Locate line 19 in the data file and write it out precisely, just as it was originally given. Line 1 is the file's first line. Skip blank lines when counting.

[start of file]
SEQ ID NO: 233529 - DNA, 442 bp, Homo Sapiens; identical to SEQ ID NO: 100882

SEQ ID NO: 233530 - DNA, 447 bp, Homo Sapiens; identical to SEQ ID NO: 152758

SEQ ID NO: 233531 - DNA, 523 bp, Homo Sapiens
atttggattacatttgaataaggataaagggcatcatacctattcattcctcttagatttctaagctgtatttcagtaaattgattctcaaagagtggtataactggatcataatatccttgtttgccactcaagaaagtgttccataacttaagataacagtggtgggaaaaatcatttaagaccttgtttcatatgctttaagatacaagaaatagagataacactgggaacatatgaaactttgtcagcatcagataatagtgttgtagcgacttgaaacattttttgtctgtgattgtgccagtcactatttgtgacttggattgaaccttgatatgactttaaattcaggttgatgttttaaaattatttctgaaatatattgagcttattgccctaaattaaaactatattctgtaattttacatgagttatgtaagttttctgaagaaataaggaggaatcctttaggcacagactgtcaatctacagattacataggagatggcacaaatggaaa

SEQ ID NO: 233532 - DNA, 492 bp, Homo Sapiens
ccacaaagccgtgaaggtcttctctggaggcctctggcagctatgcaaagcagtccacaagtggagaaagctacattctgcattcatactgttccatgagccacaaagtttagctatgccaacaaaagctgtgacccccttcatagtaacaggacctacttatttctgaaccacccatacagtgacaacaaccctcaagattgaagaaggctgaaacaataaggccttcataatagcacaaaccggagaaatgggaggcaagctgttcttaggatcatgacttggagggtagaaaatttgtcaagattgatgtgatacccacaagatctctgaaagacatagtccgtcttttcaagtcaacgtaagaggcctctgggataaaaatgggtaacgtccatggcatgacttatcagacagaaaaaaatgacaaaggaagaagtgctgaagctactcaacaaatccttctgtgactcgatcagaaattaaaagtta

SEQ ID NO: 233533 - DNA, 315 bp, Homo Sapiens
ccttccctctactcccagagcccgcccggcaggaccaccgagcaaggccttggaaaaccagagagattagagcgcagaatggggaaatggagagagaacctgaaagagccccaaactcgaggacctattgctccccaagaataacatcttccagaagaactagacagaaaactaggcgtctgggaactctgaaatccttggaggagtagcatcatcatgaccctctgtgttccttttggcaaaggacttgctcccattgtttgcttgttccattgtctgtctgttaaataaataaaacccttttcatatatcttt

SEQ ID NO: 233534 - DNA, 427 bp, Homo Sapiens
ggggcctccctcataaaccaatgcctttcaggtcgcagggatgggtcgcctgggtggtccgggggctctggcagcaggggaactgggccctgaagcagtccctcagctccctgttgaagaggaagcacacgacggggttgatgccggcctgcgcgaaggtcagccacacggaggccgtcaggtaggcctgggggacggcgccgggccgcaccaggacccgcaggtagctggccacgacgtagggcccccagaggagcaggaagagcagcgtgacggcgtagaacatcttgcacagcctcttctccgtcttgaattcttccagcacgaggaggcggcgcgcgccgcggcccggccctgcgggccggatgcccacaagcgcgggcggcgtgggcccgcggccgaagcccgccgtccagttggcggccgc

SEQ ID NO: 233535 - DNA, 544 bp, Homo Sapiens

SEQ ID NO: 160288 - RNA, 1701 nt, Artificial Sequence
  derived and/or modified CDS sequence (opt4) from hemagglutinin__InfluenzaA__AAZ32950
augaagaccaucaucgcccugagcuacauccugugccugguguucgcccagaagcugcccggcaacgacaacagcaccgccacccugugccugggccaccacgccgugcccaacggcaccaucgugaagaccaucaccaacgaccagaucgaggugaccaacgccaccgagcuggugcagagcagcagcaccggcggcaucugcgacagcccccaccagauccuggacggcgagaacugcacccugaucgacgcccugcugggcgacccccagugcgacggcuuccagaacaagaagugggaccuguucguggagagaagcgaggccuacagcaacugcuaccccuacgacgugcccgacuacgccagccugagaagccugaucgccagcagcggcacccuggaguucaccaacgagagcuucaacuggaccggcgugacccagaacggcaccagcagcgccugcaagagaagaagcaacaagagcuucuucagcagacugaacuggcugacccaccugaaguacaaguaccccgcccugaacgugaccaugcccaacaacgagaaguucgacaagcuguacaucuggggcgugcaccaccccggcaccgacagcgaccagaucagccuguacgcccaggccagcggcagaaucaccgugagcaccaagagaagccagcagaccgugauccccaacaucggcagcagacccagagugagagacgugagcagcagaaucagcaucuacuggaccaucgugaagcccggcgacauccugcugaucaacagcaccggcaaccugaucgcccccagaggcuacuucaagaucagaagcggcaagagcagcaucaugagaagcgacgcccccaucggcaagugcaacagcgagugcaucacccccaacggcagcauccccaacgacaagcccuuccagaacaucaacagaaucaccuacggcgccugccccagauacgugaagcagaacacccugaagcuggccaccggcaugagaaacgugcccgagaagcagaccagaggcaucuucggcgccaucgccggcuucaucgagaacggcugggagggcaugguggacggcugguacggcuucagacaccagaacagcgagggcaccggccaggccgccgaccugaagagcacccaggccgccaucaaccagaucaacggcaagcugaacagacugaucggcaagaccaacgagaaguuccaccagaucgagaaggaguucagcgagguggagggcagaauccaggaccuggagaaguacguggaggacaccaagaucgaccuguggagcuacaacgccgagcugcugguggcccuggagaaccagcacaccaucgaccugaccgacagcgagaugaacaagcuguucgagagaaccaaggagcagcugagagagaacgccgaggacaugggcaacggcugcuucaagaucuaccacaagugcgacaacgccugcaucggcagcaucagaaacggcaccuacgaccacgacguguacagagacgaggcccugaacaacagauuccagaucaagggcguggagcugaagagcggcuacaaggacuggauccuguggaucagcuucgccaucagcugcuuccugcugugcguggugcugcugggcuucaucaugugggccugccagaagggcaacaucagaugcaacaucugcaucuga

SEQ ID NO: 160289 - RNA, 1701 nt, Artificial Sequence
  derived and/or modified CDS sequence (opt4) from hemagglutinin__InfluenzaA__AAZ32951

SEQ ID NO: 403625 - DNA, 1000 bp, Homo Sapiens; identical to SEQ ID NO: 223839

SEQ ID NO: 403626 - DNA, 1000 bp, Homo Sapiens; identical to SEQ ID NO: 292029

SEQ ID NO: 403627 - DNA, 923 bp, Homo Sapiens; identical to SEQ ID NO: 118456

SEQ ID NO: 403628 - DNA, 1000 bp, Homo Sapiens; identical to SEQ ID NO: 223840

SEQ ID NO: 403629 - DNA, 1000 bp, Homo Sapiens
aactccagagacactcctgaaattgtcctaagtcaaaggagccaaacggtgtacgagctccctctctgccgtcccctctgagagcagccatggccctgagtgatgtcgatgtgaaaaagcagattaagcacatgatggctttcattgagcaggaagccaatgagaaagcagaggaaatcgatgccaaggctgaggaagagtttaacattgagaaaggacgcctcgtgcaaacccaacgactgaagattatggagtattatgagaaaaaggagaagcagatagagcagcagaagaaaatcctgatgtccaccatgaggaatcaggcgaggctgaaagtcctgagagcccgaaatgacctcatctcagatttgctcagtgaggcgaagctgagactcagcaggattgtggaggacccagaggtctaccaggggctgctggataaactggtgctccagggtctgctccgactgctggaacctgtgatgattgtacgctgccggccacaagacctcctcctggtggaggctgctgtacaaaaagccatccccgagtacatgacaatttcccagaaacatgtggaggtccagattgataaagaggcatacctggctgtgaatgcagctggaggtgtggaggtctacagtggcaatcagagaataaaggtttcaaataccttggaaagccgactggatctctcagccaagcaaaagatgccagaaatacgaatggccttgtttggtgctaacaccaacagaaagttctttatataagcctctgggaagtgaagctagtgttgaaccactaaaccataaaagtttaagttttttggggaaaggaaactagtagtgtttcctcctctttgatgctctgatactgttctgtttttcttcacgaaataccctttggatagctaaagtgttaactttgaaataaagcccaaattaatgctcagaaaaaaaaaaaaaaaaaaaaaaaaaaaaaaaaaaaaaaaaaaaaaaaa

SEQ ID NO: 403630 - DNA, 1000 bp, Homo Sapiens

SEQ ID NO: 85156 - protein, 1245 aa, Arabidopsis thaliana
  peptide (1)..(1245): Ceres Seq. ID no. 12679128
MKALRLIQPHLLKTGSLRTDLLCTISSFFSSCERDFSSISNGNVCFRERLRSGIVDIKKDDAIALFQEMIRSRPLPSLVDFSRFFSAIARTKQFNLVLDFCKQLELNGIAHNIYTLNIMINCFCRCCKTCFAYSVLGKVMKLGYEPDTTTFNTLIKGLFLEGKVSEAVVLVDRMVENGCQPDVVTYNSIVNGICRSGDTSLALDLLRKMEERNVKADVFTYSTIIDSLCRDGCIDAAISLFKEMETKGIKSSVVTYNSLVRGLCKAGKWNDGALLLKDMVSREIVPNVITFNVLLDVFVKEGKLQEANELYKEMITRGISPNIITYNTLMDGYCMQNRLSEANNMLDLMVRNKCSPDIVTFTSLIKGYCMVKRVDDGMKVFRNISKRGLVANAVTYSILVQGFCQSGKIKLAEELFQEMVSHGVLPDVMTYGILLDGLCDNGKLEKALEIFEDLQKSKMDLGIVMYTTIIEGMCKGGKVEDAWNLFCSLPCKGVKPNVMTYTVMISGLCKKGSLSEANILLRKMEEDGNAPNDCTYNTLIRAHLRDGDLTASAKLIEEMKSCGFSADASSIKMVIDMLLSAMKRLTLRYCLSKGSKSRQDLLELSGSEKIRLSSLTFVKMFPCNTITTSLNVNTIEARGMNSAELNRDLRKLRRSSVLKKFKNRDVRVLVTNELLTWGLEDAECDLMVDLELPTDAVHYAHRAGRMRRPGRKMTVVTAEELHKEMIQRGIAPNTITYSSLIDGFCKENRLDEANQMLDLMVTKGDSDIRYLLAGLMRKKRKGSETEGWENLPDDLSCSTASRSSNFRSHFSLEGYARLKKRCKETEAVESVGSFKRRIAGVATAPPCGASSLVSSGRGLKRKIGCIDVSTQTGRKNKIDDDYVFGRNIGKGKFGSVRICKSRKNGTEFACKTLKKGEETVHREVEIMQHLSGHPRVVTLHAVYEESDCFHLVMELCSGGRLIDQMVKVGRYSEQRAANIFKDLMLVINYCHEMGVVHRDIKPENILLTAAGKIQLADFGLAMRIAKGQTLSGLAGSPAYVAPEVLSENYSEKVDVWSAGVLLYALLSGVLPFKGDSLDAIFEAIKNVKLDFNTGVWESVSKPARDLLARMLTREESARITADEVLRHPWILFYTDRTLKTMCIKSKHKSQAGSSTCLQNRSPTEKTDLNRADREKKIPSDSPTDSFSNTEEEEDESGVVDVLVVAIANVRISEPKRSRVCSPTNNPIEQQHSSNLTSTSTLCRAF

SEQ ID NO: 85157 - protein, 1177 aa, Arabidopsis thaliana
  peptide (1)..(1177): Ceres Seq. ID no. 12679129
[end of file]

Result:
SEQ ID NO: 403627 - DNA, 923 bp, Homo Sapiens; identical to SEQ ID NO: 118456